That's the basic logic used to justify the approach. The problem is that taxes go to the government, and in addition to the out of pocket costs to the patient, insurance pays for most people's medical costs. Also, if smoking and drinking really kill people at a younger age, then it seem that we avoid long term extended care in the twilight years, and I have serious doubts that bad habbits end up costing the public more. Almost everyone who lives long enough will get sick; costing the system a fortune. The offenders die first, thus costing less that those who live long lives - sometimes a cost the system for decades after retirement. Also, since they [smokers, drinkers, and saturaged fat eaters south of the 80th parallel] are less likely to live to collect social security, as a percentage we avoid that huge liablity to that system as well. So it seems possible that the entire justification is bogus.

I guess its different in a country like mine because here healthcare is socialised.
Taxes will have a imidiet impact on the healthcare system. The cost of the healthcare system is going up with a aging and more sic population so there is a net cost to the public by the people with bad habits. I doubt our system can survive if our population get as fat as the american. Unfortunaly we are on that road.

Ivan Seeking said:
Edit: There is also the question of how many people actually get the so called medical care claimed. How many people who don't take care of themselves actually frequent the doctors office? Also, as a related note, if my wife and I and the rest of my family hadn't been all over the doctors constantly, the system was going to let mom lie there and die. And she has great insurance. WIthout an advocate, the system clearly fails.

Here just about everyone gets the medical care they need. We are getting better and better at keeping very sic people alive for alot longer.
I cant even begin to count everyone I know that is on some kind of medication(payed for by my taxes) that could be avoided with different habits.

Im sorry to hear that about your mom:frown: . Sounds like the system realy failed.

Ivan Seeking said:
IMO, beyond any doubt, yes. I already predicted that your toilet will one day be talking to your insurance company, doctor, and employer. We can tax anthing, and by some means we can control anything that we can monitor. In this regard, we have already gone so far beyond what I thought possible in my lifetime that it's downright terrifying.

I guess I am to young and to optimistic :) But I dont belive we(as in western society as a whole) will get to far down that path. I dont se how the voting public would allow it. I dont even se how politicians would want that to happen.:confused:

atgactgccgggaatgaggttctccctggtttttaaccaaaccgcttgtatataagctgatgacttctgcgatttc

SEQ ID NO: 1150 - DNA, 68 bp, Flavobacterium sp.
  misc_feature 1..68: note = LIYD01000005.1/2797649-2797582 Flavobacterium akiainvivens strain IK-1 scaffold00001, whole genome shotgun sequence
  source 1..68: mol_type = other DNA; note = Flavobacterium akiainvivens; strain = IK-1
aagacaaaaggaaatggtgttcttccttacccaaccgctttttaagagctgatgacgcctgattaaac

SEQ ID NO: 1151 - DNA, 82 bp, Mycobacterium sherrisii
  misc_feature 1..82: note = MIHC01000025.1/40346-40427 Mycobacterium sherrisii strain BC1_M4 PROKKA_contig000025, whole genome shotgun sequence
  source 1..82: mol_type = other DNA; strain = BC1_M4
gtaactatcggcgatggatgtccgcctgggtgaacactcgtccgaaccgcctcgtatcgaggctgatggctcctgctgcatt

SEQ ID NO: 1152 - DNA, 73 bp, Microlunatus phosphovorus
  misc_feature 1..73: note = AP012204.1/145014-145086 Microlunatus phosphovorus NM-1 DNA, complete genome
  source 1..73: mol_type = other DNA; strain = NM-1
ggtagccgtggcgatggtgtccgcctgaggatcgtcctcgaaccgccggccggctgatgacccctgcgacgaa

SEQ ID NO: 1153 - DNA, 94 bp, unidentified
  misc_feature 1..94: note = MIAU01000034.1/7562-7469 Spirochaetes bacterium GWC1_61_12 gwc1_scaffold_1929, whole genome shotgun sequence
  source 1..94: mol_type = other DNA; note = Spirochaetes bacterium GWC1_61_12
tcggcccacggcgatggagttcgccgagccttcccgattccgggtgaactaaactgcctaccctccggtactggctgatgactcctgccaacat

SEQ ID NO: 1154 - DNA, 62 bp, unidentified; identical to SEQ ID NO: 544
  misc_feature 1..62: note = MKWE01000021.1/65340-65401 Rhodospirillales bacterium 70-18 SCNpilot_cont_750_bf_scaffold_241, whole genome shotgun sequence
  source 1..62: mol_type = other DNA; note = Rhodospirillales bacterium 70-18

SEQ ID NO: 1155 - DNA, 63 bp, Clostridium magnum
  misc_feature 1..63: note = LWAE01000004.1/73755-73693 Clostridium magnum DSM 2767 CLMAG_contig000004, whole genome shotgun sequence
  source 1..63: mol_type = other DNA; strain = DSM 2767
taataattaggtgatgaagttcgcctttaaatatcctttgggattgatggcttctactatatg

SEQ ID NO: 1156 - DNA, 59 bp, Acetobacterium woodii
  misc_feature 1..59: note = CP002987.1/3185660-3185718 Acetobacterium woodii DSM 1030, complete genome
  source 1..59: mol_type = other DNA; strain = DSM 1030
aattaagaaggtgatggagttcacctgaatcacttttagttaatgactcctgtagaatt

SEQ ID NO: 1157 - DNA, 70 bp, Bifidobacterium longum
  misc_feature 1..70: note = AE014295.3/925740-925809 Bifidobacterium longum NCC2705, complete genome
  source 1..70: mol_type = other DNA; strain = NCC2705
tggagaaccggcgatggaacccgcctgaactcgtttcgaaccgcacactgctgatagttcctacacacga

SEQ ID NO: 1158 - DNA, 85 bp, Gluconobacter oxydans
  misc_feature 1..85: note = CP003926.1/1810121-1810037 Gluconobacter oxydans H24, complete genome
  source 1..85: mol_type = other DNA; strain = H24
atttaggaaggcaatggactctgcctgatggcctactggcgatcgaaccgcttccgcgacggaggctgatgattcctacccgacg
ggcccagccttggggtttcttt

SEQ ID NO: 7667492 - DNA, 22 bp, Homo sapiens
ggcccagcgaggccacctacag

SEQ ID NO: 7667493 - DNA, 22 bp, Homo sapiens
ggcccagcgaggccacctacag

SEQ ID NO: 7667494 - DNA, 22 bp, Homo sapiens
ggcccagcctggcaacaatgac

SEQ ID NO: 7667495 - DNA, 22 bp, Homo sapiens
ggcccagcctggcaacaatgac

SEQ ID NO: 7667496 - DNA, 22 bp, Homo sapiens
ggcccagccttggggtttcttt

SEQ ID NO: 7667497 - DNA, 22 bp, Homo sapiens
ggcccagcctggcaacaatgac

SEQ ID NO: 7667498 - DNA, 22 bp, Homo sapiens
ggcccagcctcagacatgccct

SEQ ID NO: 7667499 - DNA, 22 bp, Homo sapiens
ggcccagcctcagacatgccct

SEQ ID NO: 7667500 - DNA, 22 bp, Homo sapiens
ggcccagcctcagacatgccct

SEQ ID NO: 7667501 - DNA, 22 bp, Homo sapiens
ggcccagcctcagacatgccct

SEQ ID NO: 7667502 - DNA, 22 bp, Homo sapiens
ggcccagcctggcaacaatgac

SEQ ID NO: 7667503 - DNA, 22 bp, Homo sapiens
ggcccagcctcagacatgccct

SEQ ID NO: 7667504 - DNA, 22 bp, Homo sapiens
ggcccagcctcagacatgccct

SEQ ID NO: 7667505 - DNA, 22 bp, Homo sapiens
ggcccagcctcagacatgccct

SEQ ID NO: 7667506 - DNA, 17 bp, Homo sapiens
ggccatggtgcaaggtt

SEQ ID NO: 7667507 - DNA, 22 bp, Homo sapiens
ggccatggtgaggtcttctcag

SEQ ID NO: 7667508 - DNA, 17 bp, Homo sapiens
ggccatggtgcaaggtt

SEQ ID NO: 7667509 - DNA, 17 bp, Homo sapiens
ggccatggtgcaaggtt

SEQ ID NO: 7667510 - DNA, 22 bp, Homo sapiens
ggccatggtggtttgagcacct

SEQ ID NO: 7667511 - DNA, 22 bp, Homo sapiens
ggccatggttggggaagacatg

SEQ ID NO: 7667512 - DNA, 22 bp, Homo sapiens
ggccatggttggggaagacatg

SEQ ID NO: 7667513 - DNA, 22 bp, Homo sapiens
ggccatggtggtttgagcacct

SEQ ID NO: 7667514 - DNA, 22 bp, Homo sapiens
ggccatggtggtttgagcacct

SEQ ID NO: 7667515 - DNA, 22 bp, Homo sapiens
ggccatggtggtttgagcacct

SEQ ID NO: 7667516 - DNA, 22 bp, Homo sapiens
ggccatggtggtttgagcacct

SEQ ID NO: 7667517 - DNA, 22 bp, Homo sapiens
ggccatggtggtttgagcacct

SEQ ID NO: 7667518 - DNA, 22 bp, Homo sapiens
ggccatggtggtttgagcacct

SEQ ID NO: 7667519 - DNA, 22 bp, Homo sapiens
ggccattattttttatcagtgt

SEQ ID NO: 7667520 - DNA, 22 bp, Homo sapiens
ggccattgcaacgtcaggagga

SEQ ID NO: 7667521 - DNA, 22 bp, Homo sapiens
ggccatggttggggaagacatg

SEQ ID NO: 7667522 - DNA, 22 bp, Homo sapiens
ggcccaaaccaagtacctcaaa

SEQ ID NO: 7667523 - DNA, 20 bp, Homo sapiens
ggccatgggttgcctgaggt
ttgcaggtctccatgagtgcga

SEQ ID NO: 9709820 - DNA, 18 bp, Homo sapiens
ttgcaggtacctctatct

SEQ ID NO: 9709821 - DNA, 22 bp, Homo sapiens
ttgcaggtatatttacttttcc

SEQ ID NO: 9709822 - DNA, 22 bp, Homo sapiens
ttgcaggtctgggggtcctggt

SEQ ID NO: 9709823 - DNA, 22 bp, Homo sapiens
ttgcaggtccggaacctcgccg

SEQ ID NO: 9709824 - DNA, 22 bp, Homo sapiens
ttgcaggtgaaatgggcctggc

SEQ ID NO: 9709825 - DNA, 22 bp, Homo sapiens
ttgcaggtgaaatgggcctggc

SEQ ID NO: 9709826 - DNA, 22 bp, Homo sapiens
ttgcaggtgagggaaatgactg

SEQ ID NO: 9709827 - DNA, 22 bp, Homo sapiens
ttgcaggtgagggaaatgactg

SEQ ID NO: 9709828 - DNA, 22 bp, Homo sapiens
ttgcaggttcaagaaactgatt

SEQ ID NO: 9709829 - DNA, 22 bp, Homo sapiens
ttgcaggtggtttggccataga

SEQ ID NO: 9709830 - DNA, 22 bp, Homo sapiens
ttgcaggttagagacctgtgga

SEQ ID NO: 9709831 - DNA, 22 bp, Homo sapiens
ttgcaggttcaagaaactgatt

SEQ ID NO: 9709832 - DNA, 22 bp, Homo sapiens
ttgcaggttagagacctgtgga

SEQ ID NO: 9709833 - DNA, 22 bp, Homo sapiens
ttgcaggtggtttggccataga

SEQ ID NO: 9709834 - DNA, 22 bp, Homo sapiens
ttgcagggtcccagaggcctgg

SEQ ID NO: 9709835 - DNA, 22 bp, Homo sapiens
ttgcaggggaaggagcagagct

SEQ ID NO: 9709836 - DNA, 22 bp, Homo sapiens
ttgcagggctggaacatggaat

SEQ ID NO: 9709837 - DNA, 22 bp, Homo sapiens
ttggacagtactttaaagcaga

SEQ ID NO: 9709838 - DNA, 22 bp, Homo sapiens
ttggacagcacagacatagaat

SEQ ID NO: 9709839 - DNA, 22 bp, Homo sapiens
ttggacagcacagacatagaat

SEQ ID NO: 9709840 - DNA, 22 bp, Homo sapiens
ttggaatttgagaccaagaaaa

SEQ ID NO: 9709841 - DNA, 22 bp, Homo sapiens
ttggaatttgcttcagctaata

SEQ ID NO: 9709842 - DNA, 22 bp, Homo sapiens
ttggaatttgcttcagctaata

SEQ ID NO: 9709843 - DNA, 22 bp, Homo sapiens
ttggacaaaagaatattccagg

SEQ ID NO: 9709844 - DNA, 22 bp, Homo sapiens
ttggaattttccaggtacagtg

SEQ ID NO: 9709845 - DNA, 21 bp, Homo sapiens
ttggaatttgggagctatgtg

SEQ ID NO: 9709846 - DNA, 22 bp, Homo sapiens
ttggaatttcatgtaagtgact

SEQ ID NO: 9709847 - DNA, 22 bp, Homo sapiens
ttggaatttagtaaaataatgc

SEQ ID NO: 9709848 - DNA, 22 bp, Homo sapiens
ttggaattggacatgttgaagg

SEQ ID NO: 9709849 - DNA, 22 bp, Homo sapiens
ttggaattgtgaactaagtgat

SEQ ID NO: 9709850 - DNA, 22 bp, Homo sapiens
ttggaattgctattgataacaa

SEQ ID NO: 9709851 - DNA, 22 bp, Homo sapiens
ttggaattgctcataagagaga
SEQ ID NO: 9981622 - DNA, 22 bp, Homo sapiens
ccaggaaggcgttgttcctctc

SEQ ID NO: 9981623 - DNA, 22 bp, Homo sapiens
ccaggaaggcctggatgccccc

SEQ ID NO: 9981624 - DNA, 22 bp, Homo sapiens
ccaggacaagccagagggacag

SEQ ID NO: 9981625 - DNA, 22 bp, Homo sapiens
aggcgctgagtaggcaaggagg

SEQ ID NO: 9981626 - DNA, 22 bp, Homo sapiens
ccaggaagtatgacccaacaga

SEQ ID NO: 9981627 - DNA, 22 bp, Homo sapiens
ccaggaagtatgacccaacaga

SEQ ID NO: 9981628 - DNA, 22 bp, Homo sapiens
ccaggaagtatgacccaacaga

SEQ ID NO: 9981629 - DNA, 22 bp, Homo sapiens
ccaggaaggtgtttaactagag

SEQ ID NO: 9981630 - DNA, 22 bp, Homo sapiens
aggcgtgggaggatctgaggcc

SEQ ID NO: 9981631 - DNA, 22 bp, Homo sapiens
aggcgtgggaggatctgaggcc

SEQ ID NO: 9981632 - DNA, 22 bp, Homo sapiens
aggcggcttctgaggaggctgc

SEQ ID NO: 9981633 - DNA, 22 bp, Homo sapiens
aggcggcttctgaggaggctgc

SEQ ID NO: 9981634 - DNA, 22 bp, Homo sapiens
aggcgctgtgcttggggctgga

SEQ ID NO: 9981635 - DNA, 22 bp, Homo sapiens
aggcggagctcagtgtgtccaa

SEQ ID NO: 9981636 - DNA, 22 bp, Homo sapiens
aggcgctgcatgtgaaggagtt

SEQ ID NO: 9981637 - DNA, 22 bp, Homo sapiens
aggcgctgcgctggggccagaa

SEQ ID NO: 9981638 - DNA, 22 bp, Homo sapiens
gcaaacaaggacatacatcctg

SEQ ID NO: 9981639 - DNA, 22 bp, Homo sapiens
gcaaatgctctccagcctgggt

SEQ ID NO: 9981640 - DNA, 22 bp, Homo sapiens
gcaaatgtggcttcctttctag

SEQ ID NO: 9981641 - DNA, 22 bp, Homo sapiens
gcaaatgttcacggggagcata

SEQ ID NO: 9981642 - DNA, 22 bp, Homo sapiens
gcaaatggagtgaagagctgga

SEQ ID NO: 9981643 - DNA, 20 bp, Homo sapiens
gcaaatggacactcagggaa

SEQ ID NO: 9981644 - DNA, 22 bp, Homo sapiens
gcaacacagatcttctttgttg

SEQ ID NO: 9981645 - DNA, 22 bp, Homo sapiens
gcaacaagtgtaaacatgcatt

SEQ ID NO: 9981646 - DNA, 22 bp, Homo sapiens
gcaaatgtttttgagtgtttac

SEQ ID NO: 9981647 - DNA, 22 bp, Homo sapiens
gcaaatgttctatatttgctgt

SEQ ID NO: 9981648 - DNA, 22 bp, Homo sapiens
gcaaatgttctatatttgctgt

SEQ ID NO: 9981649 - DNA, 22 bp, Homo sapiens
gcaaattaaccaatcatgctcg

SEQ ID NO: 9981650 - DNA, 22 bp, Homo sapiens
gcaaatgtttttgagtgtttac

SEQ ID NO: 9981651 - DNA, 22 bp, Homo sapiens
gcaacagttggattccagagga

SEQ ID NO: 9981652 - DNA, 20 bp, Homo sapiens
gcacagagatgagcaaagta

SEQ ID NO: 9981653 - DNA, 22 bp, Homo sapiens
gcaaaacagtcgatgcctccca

• #169
dusanmal
What fat tax money will be use for? One example...

At the same time when there is a soda-fat-tax talk going arround, government is spending our taxes other way arround...

http://communitydispatch.com/cgi-bin/artman/exec/view.cgi/17/2651 [Broken]

Shortly speaking, govt. is funding research on how to produce meat (from livestock) that contains more fat (beyond simple feeding, but with chemical additives)...
 
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  • #170
Skyhunter
Evo said:
But it didn't specifically track calorie intake or exersize, there appear to be no controls at all. It makes it meaningless.
I got a copy of the study.

Caloric intake and excercise were closely monitored.

Dietary intake was recorded on 2 weekdays and 1 weekend day, using a food scale, after participants had completed a full practice record. The 3-day dietary record, prepared using a food scale, has good test-retest reliability and provides a more accurate estimate of macronutrient intake than food frequency questionnaires. Records were analyzed using the Nutritionist V, Version 2.0 for Windows 98 (First DataBank Inc., Hearst Corporation, San Bruno, Calif). On 3 occasions, a registered dietitian conducted 24-hour food recalls, followed by individual meetings to discuss any deviations from the prescribed diet. Recalls were not used for statistical comparisons.
Physical activity was assessed with the Bouchard 3-Day Physical Activity Record. This measure was selected to assess the degree to which participants acceded to the requirement that they not alter their exercise habits during the study, rather than to precisely estimate energy expenditure. A study of 61 subjects showed the Bouchard 3-Day Physical Activity Record to yield a highly reproducible results, as shown by an intraclass correlation of 0.96 for mean energy expenditure over 3 days, and favorable correlations with measures of physical working capacity.
[edit] PM me if anyone would like a copy of the complete study. [/edit]